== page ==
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Container ships are still avoiding the Suez Canal because of attacks

Container ships are still avoiding the Suez Canal because of ongoing attacks by Houthi rebels from Yemen on ships in the Red Sea. The majority of the container sector does not expect to be able to use that route again in the short term, according to a report by research firm Drewry. 'It is extremely uncertain' stresses FD journalist Pieter Lalkens. BNR Radio reports.

A container ship sails through the Suez Canal. Photo:

Due to ongoing attacks by Houthi rebels in the Red Sea, container ships are still avoiding the Suez Canal. These ships have to detour, extending travel time by an average of seven to 10 days and incurs significant additional costs.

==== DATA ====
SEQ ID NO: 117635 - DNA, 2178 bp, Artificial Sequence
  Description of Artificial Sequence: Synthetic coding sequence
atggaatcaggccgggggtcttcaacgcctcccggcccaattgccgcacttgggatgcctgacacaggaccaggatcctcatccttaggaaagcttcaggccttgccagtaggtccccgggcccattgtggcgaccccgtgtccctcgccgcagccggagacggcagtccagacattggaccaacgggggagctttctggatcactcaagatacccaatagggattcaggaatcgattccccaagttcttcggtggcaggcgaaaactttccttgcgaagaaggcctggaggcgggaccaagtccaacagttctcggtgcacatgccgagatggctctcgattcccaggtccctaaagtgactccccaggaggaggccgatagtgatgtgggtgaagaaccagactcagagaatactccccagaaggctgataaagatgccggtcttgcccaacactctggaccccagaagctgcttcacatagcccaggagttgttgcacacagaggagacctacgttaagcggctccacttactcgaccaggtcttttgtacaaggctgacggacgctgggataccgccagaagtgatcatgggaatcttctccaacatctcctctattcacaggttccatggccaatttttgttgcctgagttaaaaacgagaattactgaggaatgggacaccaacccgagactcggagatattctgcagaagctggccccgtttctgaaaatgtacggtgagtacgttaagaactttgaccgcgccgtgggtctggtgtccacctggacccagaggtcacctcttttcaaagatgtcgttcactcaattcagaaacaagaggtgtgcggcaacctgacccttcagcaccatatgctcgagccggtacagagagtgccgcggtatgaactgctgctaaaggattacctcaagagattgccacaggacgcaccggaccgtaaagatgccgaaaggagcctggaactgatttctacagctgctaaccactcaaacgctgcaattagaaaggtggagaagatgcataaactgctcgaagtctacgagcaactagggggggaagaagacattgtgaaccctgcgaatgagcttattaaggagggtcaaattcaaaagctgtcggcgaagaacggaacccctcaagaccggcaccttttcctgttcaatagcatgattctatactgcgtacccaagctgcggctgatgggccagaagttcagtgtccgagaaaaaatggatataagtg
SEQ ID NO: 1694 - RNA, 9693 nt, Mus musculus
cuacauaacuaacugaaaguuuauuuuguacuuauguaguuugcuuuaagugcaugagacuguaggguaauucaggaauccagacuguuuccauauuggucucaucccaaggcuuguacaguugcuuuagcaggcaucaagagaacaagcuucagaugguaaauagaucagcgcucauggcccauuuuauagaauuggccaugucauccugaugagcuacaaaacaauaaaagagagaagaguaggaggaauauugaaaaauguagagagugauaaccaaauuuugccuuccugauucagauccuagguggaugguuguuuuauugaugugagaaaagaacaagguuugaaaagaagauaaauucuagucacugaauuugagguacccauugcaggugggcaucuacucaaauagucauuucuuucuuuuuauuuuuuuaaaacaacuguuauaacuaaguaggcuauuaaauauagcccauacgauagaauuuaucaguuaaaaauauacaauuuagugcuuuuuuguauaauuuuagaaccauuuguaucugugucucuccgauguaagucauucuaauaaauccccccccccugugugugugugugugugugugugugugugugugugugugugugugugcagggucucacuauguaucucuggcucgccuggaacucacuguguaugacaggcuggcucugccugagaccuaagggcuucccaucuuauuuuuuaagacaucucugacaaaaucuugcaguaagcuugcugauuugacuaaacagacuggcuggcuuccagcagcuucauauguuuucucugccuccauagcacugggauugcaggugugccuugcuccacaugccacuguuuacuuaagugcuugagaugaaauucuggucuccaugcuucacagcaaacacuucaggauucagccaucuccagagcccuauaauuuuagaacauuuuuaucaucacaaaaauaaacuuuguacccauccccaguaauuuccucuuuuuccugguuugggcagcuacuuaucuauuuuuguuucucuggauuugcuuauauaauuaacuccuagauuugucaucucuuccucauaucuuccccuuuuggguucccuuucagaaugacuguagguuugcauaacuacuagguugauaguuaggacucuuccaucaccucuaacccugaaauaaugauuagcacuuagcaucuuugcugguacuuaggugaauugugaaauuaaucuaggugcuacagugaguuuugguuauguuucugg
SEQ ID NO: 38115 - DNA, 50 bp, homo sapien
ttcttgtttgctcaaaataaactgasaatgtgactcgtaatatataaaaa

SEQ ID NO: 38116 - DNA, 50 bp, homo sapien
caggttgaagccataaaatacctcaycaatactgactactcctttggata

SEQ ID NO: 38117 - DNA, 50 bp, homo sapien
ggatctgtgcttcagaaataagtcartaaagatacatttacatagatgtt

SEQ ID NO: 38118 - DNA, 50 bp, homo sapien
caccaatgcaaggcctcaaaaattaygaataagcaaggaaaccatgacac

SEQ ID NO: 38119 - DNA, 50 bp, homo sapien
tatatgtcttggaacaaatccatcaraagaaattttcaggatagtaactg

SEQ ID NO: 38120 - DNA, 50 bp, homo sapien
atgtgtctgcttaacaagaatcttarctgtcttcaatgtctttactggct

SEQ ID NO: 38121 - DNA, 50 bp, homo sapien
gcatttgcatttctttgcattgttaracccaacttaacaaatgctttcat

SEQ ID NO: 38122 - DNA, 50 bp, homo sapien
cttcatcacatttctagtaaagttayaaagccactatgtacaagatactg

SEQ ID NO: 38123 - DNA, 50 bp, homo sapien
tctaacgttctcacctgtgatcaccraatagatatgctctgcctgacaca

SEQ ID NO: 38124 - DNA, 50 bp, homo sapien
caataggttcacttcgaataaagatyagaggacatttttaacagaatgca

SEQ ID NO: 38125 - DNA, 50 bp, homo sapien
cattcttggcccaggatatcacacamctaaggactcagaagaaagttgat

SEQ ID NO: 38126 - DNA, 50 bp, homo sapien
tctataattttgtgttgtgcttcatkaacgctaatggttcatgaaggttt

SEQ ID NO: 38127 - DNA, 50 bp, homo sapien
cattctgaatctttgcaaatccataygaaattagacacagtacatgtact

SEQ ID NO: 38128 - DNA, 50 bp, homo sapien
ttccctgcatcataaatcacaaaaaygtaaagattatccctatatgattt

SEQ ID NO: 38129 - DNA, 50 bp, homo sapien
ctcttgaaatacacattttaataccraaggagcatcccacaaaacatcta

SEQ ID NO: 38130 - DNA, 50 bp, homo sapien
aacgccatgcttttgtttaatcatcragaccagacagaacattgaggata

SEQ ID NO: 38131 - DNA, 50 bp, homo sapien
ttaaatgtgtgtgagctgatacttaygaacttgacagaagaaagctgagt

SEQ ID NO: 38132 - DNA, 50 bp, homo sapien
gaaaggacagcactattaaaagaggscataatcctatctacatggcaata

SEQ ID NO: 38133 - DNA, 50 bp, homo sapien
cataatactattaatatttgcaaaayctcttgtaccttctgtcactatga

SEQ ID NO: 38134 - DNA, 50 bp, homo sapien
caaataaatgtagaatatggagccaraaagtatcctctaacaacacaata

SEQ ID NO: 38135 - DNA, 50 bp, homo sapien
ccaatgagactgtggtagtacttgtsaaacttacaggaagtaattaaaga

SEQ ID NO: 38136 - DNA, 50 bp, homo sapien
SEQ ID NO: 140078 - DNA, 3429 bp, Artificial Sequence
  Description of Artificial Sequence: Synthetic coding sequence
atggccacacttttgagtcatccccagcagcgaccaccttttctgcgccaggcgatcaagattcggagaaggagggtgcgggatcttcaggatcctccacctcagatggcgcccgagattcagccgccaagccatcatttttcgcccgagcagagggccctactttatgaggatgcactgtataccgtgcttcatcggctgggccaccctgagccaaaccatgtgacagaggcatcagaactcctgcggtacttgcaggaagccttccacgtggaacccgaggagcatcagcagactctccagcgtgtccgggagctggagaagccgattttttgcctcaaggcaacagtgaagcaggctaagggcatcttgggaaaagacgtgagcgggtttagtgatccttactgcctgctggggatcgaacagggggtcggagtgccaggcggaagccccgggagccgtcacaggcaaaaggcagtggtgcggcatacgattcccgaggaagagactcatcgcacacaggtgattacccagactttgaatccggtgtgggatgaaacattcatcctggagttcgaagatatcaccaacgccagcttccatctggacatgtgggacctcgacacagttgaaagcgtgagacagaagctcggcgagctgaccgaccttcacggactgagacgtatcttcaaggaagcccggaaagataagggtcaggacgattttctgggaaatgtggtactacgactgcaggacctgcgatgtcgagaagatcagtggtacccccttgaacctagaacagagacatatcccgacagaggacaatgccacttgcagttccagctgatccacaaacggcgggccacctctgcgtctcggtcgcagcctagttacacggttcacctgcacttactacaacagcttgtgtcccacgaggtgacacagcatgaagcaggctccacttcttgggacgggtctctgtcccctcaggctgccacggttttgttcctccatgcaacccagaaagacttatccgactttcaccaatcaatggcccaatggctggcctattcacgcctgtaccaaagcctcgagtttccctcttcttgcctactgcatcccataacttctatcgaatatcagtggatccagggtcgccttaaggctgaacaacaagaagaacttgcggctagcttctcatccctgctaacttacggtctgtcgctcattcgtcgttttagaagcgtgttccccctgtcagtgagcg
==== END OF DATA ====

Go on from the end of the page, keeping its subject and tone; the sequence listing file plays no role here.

The container sector is pessimistic about the situation. According to a survey by Drewry, 60 percent of major shippers and freight forwarders do not expect the Suez Canal to be safely navigable again until the first half of 2025. Fourteen per cent think this will not happen until the second half of 2025, while a small proportion (17 per cent) hope it will be possible as early as later this year.

The ongoing attacks have led to disruptions in sailing schedules, clogged ports and rising costs. "This is costing everyone money," concludes Lalkens, who notes that container prices have risen by tens of per cent in recent weeks.

Although 60 percent of those surveyed think it will take at least another three months for prices to normalise, prices are expected to fall sharply once the Suez Canal can be safely reopened.

Source: BNR

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